The Latest: Syrian opposition group welcomes truce
BEIRUT (AP) — The Latest on the conflict in Syria (all times local):
A main Syrian opposition group says it supports a nationwide cease-fire set to go into effect at midnight and that moderate rebel factions will abide by it, but defend themselves if attacked.
Ahmad Ramadan of the Syrian National Coalition said the truce reached Thursday includes a halt to airstrikes and shelling.
Ramadan said in text messages sent to The Associated Press that members of the Free Syrian Army, a loose alliance of several moderate rebel factions, will abide by the truce but retaliate to violations by government and allied forces.
The Syrian army said the truce does not include al-Qaida’s branch in Syria and the Islamic State group, two of the most powerful armed factions.
Turkey has welcomed a Syrian cease-fire set to come into effect at midnight.
The Foreign Ministry says groups regarded as terror organizations by the U.N. Security Council will be excluded from the cease-fire, in which Turkey and Russia will act as guarantors.
It was apparently referring to the Islamic State group and the al-Qaida-linked Fatah al-Sham Front.
It says the government and the opposition have agreed to halt attacks, including aerial attacks, and not to expand territories under their control in a way that would be detrimental to each other.
Turkey and Russia would closely follow the situation on the ground to ensure the cease-fire holds. The statement calls on all sides wielding influence on the warring parties to provide the necessary support to halt hostilities.
Putin spoke Thursday, as a Syrian cease-fire brokered by Russia and Turkey was set to begin at midnight.
Putin didn’t say how many troops and weapons will be withdrawn. He said Russia will continue “fighting international terrorism in Syria” and supporting Assad’s military.
Putin also said that the Russian military will maintain its presence at both an air base in Syria’s coastal province of Latakia and the naval facility in the Syrian port of Tartus.
The cease-fire is to be followed by renewed peace negotiations to end the nearly six-year conflict.
Russian Foreign Minister Sergey Lavrov says Egypt will be invited to join the process, and that Saudi Arabia, Qatar and Jordan could eventually join as well.
The Syrian army has announced a nationwide cease-fire as of midnight.
In a statement carried by state news agency SANA on Thursday, the military command “declares a comprehensive nationwide cessation of hostilities as of midnight.”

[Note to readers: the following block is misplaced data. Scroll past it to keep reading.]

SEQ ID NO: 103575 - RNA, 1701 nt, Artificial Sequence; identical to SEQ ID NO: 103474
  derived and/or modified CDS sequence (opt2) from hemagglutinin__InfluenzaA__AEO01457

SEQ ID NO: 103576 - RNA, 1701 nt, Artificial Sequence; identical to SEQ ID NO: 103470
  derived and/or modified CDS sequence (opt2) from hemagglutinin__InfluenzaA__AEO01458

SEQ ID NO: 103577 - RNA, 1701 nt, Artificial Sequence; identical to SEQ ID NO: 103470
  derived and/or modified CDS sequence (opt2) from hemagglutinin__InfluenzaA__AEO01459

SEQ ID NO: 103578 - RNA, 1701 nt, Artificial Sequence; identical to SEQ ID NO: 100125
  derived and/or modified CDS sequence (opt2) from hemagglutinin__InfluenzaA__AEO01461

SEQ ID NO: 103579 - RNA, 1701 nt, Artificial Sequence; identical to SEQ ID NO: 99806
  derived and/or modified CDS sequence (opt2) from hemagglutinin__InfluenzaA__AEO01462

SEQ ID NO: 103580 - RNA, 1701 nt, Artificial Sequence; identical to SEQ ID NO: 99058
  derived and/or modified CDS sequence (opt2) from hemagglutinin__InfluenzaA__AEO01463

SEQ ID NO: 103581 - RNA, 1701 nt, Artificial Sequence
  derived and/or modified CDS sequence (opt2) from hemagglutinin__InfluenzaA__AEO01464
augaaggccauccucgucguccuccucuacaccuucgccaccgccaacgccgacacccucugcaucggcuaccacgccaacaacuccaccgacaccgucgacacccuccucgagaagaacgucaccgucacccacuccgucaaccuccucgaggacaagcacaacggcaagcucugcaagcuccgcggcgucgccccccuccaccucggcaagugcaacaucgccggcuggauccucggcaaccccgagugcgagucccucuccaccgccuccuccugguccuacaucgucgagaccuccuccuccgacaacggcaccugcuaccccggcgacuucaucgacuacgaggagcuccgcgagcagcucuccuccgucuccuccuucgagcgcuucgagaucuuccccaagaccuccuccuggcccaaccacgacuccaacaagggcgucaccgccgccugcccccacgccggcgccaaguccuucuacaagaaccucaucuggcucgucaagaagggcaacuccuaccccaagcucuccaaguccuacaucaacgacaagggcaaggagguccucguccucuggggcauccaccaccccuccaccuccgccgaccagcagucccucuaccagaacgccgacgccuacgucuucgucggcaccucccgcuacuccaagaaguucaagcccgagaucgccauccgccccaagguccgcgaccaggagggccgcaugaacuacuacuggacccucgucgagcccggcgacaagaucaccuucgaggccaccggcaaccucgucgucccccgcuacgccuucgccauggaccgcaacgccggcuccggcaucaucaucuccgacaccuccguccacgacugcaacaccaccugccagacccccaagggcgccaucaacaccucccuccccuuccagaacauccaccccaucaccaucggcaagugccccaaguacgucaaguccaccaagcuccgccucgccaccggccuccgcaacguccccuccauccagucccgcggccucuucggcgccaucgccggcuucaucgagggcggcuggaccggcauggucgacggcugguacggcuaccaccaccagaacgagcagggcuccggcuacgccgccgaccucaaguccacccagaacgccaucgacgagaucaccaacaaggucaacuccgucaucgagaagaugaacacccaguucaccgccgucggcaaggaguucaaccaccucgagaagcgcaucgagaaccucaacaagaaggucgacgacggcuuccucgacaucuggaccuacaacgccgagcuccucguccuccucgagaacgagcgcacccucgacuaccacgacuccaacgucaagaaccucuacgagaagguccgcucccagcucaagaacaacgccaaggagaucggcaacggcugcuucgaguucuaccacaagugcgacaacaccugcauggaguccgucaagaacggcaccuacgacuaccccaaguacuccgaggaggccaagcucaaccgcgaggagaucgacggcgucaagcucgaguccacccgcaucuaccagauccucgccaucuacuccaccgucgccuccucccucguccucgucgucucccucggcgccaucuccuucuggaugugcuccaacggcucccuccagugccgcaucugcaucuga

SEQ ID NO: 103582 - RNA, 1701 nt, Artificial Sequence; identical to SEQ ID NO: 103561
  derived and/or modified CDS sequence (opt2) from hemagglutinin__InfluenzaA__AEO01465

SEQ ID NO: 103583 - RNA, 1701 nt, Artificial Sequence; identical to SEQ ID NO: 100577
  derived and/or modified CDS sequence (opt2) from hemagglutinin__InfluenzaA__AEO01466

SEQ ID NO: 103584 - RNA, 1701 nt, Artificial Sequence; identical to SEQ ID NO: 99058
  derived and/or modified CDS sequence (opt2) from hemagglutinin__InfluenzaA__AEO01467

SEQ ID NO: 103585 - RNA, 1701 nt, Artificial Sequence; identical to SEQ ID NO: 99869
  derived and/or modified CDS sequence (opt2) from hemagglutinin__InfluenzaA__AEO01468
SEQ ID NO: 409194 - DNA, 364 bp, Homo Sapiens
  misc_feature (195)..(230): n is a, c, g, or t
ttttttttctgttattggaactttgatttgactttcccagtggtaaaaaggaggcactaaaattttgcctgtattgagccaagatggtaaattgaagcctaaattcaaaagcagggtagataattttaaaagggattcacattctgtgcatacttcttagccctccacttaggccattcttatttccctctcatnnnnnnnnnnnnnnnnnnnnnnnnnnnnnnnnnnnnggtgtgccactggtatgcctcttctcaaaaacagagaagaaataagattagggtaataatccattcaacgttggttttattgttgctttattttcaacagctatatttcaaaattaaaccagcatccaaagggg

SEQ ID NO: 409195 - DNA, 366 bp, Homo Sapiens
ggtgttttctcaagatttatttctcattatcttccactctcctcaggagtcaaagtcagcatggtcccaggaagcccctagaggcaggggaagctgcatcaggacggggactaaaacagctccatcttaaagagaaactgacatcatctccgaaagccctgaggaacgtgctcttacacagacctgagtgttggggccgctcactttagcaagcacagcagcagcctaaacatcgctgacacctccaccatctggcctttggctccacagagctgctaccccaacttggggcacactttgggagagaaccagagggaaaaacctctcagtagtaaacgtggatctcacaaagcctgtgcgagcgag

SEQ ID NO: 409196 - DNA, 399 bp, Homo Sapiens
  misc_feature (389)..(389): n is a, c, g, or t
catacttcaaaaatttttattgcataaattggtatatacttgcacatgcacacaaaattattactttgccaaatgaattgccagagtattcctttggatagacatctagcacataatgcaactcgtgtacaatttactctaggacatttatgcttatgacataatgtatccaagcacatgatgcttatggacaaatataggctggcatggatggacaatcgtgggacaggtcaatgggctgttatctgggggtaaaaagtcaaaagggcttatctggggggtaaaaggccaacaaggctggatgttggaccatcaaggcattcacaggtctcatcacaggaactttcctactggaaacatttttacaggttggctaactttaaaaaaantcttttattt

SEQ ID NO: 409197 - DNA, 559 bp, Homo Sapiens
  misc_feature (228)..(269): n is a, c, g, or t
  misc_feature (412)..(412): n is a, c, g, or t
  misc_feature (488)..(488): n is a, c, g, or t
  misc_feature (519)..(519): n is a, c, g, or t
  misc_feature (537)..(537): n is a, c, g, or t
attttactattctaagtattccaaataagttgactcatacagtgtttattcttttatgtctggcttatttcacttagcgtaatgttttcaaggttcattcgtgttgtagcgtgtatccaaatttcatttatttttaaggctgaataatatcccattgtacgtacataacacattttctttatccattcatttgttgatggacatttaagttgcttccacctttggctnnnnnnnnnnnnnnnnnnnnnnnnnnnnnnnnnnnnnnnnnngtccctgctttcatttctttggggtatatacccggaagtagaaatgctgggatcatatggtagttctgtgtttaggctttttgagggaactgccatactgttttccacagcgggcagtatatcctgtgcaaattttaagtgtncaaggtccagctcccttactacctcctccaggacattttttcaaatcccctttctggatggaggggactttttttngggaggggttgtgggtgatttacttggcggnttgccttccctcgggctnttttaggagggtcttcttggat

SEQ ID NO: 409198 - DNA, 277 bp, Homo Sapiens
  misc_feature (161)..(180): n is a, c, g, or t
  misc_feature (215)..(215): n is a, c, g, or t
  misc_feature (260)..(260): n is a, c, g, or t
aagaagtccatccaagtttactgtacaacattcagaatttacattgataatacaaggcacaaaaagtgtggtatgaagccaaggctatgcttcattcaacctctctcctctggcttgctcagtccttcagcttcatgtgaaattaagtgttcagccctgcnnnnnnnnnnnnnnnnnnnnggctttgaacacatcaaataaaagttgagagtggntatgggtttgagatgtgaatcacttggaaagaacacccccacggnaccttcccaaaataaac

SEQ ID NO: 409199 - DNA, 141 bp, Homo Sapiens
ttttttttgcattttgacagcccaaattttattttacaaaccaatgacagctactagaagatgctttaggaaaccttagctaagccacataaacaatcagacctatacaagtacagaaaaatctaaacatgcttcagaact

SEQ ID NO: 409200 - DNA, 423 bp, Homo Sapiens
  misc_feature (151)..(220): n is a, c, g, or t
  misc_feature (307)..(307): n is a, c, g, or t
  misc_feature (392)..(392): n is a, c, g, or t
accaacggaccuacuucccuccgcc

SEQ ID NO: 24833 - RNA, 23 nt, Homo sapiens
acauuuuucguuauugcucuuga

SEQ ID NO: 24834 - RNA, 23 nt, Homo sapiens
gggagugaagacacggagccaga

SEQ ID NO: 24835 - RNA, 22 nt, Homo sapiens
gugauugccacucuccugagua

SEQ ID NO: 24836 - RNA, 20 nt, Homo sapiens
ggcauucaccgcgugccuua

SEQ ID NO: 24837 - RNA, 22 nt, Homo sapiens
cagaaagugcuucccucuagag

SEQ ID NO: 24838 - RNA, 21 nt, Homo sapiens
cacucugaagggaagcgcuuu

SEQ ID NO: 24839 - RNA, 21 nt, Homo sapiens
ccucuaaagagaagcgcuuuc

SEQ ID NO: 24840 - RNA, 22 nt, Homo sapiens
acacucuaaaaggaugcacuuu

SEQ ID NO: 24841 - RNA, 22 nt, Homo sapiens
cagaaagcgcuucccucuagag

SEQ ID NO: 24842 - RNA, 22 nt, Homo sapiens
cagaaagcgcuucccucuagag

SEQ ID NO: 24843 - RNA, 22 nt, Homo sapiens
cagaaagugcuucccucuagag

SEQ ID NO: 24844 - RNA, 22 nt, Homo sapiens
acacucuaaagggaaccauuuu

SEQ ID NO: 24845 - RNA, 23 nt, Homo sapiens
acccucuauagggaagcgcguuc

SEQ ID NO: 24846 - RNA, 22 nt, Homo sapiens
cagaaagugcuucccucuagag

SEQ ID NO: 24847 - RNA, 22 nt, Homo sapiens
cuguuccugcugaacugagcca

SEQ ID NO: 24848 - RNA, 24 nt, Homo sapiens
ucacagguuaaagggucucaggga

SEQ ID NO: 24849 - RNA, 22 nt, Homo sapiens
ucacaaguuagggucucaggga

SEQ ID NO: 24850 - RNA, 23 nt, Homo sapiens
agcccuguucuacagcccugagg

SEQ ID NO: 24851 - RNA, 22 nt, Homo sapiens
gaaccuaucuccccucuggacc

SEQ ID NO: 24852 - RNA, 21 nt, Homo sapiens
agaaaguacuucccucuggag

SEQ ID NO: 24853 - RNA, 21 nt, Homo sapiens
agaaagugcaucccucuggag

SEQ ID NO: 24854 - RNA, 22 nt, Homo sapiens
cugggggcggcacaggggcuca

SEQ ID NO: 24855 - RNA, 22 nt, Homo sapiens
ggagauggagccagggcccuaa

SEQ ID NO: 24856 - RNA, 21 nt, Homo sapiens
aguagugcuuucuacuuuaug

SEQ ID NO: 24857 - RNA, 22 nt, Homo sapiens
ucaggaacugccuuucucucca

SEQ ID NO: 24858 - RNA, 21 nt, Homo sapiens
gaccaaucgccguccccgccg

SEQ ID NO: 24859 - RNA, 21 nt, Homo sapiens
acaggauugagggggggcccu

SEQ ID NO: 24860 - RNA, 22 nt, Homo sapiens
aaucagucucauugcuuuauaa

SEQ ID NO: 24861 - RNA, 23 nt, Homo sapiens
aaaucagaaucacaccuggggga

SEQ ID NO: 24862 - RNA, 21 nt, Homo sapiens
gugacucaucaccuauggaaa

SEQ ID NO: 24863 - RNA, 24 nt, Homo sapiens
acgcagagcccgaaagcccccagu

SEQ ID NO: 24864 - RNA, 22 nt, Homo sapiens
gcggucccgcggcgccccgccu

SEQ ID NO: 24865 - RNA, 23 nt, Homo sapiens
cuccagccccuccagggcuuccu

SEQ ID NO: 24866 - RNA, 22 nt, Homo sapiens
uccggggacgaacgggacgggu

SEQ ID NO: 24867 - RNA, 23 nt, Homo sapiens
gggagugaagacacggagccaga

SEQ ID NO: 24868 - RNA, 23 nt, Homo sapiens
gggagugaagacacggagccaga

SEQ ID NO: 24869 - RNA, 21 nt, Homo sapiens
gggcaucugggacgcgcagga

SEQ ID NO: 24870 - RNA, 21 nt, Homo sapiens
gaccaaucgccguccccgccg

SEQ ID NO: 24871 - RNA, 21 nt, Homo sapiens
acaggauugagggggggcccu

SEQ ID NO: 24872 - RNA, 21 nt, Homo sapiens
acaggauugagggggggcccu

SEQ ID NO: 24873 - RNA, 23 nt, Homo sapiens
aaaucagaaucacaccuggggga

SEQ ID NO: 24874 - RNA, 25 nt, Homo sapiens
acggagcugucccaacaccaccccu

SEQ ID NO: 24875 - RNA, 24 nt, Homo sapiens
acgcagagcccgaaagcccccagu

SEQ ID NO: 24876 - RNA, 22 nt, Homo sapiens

State TV says the cease-fire paves the way for reactivating negotiations to end the conflict.
It says the cease-fire comes after the “successes achieved by the armed forces,” an apparent reference to the capture of rebel-held neighborhoods of Aleppo earlier this month.
Russian President Vladimir Putin said Thursday that Russia and Turkey will guarantee the truce. Russia is a key ally of Syrian President Bashar Assad, while Turkey supports the opposition.
Russian President Vladimir Putin says a Syrian cease-fire agreement has been reached with Turkey.
Putin said Thursday that Russia and Turkey will guarantee the truce, which is set to begin at midnight. He says it will be followed by peace talks between Syrian President Bashar Assad’s government and the opposition, and that the Syrian parties would take part in talks to be held in Kazakhstan, without specifying a date.
Syria’s military said it had agreed to a nationwide cease-fire starting at midnight.
Russian Defense Minister Sergei Shoigu says the truce will include 62,000 opposition fighters across Syria, and that the Russian military has established a hotline with its Turkish counterpart to monitor compliance.
Foreign Minister Sergey Lavrov says that that President-elect Donald Trump’s administration will be welcome to join the Syrian peace process once he takes office.
Russia is a key ally of Assad, while Turkey is one of the main backers of the opposition. Several previous attempts to halt the civil war have failed.
Turkey says Lebanon’s militant Hezbollah group should withdraw from Syria and a nationwide cease-fire should come into effect before the end of the year.
The Iran-backed Hezbollah has sent thousands of fighters to Syria to back President Bashar Assad’s forces.
Turkish Foreign Minister Mevlut Cavusoglu said in an interview with the Turkish A Haber news channel on Thursday that Ankara and Moscow are close to reaching an agreement on a nationwide cease-fire. Turkey would serve as guarantor of rebel compliance, while Russia would guarantee adherence by the government.
He says Iran stated during talks earlier this month in Moscow that it will act as a guarantor for the Syrian government as well as allied Shiite groups, including Hezbollah.
This article was from The Associated Press and was legally licensed through the NewsCred publisher network.
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